February 7th 2009

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Articles from this issue:

EDITORIAL: Where will President Obama take America?

GLOBAL FINANCIAL CRISIS: Can Australia avoid an economic depression?

CANBERRA OBSERVED: Australia should brace itself for worse to come

RELIGIOUS FREEDOM: Blatant political bias in human rights body

JUDICIARY: High Court nominee's gay rights, abortion activism

GLOBAL TERRORISM: The great lie of 'home-grown' terrorism

QUARANTINE: Shake-up for Australia's quarantine system

INTERNATIONAL AFFAIRS: Being smart about using soft power

MEDIA: What to make of the Obama cult

OPINION: Is there any point to suffering?

CIVILISATION: Created equal: how Christianity shaped the West

OPINION: Legislative change could help first home-buyers

Should democracy always have the last word? (letter)

Deserted by the Liberals? (letter)

A future for News Weekly (letter)

FORUM: Free markets and libertarianism

CINEMA: Slumdog Millionaire - Indian orphan tale a box-office hit

BOOKS: ENOUGH: True Measures of Money, Business, and Life, by John C. Bogle

BOOKS: THE WHITE WAR: Life and Death on the Italian Front 1915-1919, by Mark Thompson,

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EDITORIAL: Where will President Obama take America?

by Peter Westmore

News Weekly, February 7, 2009

President Obama's key political appointments and early executive decisions have provided unmistakable signs of the direction his Administration is likely to take.

The pomp and ceremony surrounding the inauguration of Barack Obama as 44th President of the United States has been unprecedented — not only in America, but throughout the rest of the world.

In part, this is because Obama is the first black American to hold the office, an extraordinary achievement given the dominance of the WASP (White Anglo-Saxon Protestant) establishment over public life in the US since the American War of Independence in the late 18th century.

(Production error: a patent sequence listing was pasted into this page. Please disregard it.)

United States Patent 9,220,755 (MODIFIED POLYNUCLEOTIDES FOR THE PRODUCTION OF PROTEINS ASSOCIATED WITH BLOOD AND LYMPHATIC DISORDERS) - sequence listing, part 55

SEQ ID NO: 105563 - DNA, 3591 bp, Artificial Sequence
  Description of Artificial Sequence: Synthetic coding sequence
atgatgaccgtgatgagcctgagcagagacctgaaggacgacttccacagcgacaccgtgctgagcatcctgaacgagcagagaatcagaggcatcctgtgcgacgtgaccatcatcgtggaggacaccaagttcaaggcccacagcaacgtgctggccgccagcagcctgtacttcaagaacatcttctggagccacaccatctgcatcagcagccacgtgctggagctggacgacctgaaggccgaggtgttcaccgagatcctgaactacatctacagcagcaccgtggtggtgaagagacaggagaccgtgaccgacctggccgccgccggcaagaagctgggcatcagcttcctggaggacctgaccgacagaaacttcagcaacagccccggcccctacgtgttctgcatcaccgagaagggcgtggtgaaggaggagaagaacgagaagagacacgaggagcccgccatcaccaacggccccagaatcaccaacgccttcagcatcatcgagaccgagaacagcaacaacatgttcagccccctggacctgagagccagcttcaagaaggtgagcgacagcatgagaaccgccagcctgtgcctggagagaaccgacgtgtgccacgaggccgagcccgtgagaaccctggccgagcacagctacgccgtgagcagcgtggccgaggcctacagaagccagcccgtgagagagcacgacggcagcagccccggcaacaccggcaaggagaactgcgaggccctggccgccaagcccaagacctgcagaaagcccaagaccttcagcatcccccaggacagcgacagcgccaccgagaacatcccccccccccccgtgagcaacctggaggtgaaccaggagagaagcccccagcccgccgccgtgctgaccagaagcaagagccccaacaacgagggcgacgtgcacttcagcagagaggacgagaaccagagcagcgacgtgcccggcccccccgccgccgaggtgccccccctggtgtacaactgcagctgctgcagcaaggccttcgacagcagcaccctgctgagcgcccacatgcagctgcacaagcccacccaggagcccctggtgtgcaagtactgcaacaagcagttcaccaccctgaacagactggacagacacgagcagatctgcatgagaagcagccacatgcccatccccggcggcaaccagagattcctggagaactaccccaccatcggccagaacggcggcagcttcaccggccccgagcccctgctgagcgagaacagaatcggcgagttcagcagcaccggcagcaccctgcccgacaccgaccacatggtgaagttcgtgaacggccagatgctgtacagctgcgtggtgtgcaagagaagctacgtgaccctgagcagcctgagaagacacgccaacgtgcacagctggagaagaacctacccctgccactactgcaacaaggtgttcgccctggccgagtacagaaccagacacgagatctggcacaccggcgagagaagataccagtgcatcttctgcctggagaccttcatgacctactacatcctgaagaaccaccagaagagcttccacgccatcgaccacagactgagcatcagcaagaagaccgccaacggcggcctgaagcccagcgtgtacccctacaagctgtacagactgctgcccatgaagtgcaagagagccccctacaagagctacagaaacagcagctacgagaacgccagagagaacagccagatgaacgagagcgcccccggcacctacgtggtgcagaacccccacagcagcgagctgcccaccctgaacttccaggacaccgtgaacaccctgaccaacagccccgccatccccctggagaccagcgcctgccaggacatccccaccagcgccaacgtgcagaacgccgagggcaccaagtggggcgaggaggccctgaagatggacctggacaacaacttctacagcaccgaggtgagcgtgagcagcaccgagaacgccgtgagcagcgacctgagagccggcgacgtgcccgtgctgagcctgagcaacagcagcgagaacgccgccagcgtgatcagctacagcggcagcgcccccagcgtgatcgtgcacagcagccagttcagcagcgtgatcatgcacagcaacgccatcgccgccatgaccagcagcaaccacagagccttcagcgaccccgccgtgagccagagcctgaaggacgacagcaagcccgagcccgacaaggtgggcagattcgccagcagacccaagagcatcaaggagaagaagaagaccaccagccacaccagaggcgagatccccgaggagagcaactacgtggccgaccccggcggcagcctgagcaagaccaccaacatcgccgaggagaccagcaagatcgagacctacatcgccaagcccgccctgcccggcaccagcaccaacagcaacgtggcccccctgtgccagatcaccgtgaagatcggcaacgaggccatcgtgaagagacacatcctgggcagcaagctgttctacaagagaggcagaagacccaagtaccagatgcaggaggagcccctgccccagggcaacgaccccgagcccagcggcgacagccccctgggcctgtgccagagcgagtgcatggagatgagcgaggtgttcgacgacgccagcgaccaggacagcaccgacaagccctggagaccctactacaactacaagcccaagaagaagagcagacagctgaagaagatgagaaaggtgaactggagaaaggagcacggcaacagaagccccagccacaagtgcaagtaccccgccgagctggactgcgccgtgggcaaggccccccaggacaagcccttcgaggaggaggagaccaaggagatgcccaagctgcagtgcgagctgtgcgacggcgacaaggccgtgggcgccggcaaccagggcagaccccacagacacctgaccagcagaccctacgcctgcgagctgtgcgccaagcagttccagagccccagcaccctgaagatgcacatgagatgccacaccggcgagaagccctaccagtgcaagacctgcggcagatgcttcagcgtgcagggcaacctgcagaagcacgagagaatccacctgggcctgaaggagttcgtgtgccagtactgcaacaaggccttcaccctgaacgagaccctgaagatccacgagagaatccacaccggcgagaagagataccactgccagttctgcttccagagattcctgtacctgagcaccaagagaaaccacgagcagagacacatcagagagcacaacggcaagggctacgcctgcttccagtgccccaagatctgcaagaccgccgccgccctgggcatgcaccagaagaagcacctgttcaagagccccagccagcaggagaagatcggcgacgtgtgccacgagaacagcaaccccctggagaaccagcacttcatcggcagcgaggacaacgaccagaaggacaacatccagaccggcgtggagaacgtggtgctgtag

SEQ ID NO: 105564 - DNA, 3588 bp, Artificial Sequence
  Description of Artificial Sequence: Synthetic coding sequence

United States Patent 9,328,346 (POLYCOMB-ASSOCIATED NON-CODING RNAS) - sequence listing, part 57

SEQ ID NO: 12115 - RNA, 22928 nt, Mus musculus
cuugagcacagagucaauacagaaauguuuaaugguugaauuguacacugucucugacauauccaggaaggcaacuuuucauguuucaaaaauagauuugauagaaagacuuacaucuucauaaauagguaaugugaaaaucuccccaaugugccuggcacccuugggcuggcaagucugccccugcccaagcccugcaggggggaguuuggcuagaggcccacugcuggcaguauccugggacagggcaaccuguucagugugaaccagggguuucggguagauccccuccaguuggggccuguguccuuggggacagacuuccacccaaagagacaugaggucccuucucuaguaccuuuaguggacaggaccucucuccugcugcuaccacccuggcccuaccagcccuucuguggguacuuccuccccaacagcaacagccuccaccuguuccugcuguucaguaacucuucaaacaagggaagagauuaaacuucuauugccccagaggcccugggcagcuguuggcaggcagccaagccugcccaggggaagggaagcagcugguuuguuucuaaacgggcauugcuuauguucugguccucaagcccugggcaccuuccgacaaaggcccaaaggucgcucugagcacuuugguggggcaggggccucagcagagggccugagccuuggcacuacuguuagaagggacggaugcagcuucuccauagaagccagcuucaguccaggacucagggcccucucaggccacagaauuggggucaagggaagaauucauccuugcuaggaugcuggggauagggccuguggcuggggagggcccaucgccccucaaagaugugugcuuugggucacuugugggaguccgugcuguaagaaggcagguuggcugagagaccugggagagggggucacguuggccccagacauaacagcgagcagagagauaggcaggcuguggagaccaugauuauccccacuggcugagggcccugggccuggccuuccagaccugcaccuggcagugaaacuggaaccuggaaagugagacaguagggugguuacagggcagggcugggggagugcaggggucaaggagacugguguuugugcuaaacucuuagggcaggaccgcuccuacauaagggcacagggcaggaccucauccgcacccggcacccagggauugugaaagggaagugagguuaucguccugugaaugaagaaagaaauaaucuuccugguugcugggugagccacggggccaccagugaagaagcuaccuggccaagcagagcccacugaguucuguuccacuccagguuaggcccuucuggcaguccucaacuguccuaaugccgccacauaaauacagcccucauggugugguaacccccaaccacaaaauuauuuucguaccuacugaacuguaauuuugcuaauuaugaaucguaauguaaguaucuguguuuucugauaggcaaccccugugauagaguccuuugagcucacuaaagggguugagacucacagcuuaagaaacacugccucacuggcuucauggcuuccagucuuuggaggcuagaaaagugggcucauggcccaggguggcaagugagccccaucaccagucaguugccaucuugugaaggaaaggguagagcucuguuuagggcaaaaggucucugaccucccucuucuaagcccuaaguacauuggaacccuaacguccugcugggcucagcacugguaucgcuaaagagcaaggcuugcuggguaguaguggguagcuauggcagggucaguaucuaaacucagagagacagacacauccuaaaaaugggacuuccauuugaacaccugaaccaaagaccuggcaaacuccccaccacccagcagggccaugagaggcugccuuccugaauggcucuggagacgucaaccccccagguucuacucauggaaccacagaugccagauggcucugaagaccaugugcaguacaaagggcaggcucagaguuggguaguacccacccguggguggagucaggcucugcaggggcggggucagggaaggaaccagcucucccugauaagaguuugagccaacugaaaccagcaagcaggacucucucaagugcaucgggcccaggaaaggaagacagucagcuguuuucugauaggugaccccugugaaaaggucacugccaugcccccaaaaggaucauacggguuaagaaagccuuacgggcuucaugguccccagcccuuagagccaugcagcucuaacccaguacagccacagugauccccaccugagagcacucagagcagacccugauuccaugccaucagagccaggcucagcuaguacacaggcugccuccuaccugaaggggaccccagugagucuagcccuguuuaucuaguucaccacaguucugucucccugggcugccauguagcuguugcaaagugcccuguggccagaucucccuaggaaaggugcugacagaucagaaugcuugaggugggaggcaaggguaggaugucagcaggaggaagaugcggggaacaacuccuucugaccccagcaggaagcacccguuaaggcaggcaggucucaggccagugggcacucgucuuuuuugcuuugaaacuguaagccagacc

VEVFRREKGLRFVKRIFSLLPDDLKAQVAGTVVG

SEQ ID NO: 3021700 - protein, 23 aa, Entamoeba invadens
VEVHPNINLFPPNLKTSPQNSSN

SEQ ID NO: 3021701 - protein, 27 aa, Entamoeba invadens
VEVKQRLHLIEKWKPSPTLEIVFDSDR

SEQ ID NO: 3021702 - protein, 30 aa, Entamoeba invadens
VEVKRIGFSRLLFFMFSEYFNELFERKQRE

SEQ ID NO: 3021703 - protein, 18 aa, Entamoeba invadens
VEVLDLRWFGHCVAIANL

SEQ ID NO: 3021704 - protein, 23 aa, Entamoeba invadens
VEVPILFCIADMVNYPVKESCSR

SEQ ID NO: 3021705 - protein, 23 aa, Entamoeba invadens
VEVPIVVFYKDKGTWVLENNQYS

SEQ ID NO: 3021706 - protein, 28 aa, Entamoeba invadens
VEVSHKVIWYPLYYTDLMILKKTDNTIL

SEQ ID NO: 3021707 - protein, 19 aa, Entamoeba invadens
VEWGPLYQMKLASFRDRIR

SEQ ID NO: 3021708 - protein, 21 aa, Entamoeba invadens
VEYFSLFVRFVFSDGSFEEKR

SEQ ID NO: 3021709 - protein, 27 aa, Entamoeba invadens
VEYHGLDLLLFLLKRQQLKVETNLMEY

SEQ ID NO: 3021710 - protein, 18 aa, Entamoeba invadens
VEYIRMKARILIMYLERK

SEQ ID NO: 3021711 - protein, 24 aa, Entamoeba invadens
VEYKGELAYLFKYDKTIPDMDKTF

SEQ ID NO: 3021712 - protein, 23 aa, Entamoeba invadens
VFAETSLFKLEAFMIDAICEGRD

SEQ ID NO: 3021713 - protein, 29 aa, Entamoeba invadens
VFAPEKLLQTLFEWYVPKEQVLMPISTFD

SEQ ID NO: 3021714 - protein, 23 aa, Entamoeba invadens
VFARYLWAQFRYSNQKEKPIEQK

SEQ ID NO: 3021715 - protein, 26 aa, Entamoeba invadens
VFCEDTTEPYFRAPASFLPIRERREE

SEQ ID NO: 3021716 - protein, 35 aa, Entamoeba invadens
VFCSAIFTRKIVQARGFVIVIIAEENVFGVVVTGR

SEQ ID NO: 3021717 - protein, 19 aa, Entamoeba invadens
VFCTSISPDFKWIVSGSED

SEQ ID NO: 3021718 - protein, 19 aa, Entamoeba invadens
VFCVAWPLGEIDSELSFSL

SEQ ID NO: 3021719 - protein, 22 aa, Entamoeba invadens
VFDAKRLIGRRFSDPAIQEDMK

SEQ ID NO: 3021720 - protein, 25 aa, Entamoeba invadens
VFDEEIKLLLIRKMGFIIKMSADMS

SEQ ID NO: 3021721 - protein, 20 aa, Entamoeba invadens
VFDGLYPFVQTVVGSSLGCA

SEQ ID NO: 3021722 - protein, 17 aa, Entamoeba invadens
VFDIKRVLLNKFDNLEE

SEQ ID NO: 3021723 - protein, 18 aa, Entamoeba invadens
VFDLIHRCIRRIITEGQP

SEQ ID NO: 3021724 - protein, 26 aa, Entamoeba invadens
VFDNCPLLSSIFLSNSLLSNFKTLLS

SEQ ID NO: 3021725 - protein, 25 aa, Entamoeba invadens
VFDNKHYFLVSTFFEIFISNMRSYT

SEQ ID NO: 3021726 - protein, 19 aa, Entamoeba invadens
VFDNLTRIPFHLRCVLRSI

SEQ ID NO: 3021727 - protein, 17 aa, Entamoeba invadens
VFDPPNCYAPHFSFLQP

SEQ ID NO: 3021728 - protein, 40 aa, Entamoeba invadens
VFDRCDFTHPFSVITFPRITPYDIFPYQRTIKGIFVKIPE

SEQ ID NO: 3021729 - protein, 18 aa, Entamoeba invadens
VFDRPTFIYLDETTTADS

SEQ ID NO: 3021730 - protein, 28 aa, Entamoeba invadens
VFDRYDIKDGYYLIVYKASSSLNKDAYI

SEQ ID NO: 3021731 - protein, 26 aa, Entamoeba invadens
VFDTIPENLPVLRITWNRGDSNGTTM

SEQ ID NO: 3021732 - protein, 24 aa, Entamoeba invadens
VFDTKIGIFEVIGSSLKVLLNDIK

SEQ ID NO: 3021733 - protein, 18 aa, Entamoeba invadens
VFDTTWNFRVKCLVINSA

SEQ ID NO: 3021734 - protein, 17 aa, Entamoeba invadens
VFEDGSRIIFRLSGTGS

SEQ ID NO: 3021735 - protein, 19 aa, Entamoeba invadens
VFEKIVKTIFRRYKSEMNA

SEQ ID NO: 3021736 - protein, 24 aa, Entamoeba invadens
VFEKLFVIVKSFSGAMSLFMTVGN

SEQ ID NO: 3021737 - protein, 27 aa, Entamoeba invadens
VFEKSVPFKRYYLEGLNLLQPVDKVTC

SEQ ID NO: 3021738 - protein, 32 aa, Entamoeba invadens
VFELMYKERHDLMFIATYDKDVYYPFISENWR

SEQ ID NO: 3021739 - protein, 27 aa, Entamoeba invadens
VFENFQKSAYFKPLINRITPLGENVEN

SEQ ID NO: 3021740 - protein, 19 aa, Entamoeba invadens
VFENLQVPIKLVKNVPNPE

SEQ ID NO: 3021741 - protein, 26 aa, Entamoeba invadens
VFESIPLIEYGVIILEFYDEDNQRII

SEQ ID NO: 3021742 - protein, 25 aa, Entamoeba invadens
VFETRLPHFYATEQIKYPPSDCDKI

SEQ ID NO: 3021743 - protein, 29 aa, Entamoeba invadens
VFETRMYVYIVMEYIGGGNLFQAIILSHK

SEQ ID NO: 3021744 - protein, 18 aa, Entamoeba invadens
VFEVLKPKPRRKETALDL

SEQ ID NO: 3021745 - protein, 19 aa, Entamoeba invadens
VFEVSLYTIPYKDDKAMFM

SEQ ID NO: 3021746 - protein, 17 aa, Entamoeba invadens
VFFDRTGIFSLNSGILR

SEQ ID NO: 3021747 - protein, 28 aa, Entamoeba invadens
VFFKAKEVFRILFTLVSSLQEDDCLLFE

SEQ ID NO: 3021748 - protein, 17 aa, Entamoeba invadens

Obama's election confirmed that whatever its problems, the United States is truly a nation of opportunity. In one sense, his presidency marks the final triumph of the civil rights movement which won political equality for black Americans in the 1960s.

He is also a powerful orator, whose capacity to inspire voters was shown repeatedly in securing the Democratic Party's nomination against Hillary Clinton, the candidate favoured by the party's power-brokers, and in defeating the Republican candidate, John McCain, in last November's presidential election.

Media adulation

Another important factor in the media's adulation of Obama is that his left-liberal views coincide with those of much of the media.

It is these views which will be of most concern to Australians, as 2009 unfolds.

Some of these were articulated by George F. Will, perhaps America's leading conservative columnist, who nevertheless endorsed Obama in 2008. In an article in Newsweek magazine, Will challenged Obama over his policy of appointing activist judges, his opposition to the appointment of a respected "black letter" judge, John Roberts, as Chief Justice of the United States, his attacks on corporate profits which are essential to employment growth, and his support for increased capital gains tax and affirmative action legislation. (Newsweek, May 5, 2008).